Opportunities

Here’s a fantasy entry for Rachael Ritchey’s weekly Blog Battle, this time centered on the word, “troop.”
Anyone who is willing to read all the short stories posted today (until midnight Tuesday Pacific time) is allowed to give three votes for their favorites. Check out the other participants’ works and let Rachael know what you think.

—-

Mokreesh watched the oncoming merchant caravan with hungry yellow eyes. His misty breath slipped through sharp teeth slick with saliva.

A line of human travelers wound its way like a serpent through the hills south of Aulivar’s glistening white walls. Several mules–tasty if stewed long enough–pulled creaking wagons burdened with crates and barrels. Human scrawl marked the contents, but Mokreesh couldn’t make any of that out. Besides, the mystery was half the fun of collecting the spoils.

First, we have to win… which means breaking the streak of bad luck. His gloved finger traced the scar tissue that covered the right side of his face, a constant reminder of an Arcanist’s fireball.

That was two months ago, Mokreesh thought. And every raid has gone to piss since. Supplies are dwindling, and anger is brewing.

His second in command Grunnash drew his massive blade. Metal rasped and gleamed in the afternoon sun. Grunnash stood with hands on hips, glaring down at the humans. Never one to stoop or kneel, even if it risks giving us away.

He grinned at Mokreesh. “These sheep are fat for the slaughter. Surely this opportunity is ours to seize. On your signal, my chieftain.”

The other marauders hunkered in the bush and bramble along the hillside, awaiting the word. Mokreesh looked on them with pride. He would restore theirs soon.

“Watch out for your troops” had been the previous chieftain’s last words so many years ago. Mokreesh understood. If you take care of your men, they’ll get the job done. In the two decades since Mokreesh became chieftain, that wisdom brought the clan greatness and wealth.

Until that old crone Kalgha cursed him as a stubborn oaf before the altar of Kurnn. Then the bad luck started. Broken weapons in the middle of a fight, unexpected enemy reinforcements when victory seemed certain, the stray spellcast with a one-in-a-million chance that “happened” to sear off half his face.

Mokreesh didn’t buy into all the spiritual mumbo-jumbo Kalgha used to keep the clan in line. But every time he passed the altar now, he felt the flaming eye of Kurnn watching him. And he’d even tried prayer once, using a young human merchant guard as an offering. The man seemed devout; for six hours he had cried out to his gods for deliverance.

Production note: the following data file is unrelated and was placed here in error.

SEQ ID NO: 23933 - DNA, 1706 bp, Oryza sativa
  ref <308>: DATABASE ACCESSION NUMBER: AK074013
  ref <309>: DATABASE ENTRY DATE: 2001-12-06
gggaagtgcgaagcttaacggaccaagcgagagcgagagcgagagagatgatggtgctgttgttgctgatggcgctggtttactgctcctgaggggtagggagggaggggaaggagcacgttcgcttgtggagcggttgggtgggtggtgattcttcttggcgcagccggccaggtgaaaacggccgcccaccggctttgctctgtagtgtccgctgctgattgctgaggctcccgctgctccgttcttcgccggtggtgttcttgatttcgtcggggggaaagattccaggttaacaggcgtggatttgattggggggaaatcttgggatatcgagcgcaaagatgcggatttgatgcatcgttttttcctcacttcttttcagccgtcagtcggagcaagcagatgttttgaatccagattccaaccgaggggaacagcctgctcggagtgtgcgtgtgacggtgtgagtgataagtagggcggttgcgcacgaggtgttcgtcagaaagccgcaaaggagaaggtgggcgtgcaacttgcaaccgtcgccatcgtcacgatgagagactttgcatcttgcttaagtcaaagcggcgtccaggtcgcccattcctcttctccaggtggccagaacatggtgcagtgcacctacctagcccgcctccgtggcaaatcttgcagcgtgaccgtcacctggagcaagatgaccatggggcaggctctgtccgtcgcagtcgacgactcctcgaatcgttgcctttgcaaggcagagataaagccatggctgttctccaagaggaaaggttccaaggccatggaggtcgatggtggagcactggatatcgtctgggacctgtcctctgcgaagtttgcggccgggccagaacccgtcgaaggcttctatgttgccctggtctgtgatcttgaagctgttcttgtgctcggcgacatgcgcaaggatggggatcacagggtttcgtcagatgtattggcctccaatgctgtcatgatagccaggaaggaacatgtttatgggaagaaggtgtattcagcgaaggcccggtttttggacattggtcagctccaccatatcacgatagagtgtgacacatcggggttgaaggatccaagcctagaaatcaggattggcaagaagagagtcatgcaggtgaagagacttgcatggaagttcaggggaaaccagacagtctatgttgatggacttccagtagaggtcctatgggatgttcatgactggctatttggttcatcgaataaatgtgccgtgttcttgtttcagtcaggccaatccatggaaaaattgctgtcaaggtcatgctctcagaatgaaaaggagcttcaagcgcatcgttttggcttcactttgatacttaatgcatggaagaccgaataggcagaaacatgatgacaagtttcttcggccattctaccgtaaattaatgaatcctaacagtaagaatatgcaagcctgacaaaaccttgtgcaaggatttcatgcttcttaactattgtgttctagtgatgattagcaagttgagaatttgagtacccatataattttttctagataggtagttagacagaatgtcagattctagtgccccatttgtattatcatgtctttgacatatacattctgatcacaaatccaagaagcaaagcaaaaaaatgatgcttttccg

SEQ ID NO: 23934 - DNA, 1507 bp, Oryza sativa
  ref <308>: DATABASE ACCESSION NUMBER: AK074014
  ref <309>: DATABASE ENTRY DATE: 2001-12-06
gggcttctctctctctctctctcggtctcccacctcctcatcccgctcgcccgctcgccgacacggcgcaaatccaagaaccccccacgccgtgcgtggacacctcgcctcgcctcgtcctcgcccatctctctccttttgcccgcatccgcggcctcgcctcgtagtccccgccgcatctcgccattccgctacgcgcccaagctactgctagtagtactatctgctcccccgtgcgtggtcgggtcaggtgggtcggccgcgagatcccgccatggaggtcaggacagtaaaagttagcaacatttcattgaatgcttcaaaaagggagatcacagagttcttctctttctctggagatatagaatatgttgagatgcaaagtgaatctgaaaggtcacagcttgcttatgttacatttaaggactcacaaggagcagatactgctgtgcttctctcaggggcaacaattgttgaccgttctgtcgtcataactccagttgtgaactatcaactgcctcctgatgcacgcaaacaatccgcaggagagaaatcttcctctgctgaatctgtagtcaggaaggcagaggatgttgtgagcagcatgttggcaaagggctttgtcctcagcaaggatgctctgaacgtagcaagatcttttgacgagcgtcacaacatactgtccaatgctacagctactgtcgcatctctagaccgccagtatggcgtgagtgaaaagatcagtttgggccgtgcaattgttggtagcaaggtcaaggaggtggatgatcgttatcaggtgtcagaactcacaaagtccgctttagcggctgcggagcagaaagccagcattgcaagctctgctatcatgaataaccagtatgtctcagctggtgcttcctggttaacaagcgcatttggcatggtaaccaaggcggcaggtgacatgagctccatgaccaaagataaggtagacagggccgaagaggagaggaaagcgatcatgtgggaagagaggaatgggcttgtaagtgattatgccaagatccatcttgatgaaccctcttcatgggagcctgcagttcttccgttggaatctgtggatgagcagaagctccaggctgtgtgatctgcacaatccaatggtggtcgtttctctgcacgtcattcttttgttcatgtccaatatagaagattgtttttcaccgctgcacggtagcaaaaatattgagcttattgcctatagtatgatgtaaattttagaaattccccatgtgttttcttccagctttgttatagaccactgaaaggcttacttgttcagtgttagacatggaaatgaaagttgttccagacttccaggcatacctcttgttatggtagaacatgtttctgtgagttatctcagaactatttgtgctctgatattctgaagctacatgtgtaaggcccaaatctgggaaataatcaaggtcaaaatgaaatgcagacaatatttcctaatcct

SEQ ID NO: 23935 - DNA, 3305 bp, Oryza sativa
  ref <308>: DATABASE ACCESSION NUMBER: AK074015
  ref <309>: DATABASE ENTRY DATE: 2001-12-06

Neither of them got the answer they wanted that day.

Today changes everything.

Mokreesh hefted his battle-axe and raised it high. All around him, his warriors tensed, ready for the charge. Bloodlust and hunger shone on their grinning faces.

Mokreesh opened his mouth to bellow a war cry–

A glint of bronze on a merchant’s face struck fear into Mokreesh’s heart like an icy spear. Unbidden memories of anguish and flame filled his mind. Is that an Arcanist’s etching? This caravan may have magic users protecting it.

He noted a flash of armor beneath a wagon driver’s cloak. Are those trained guardsmen disguised among the caravan?

Was that a Gracemark on that woman’s hand? What powers might she possess?

“No good,” he muttered. “No good.” He lowered his weapon to the ground. The thick axehead thudded into the dirt.

Grunnash hung his head and shook with rage. “Fifth time in a row.”

“It’s a trap,” Mokreesh said. “Let them pass. Let’s relocate to the north road. We might catch some craftsmen bringing wares to–”

A sudden searing pain flared to life in his chest. He blinked at the length of bloody metal thrusting out of his ribcage. Words failed him. Weariness rushed through his body, and standing seemed impossible.

Mokreesh slid down Grunnash’s blade and fell to his knees, clutching the gaping wound. His vision blurred, but he could make out his warriors turning their backs and striding away through the brush. Following Grunnash.

Breathing became beyond difficult, and no amount of pressure stopped the flow. Mokreesh gurgled in the leaves and grass. Stabbed through the heart, from behind no less.  

An image of Mokreesh’s former chieftain floated into his mind–a glimpse from the day Mokreesh bested him in combat and took control of the clan.

“Watch out for your troops,” he had whispered as he died.

And now Mokreesh understood.

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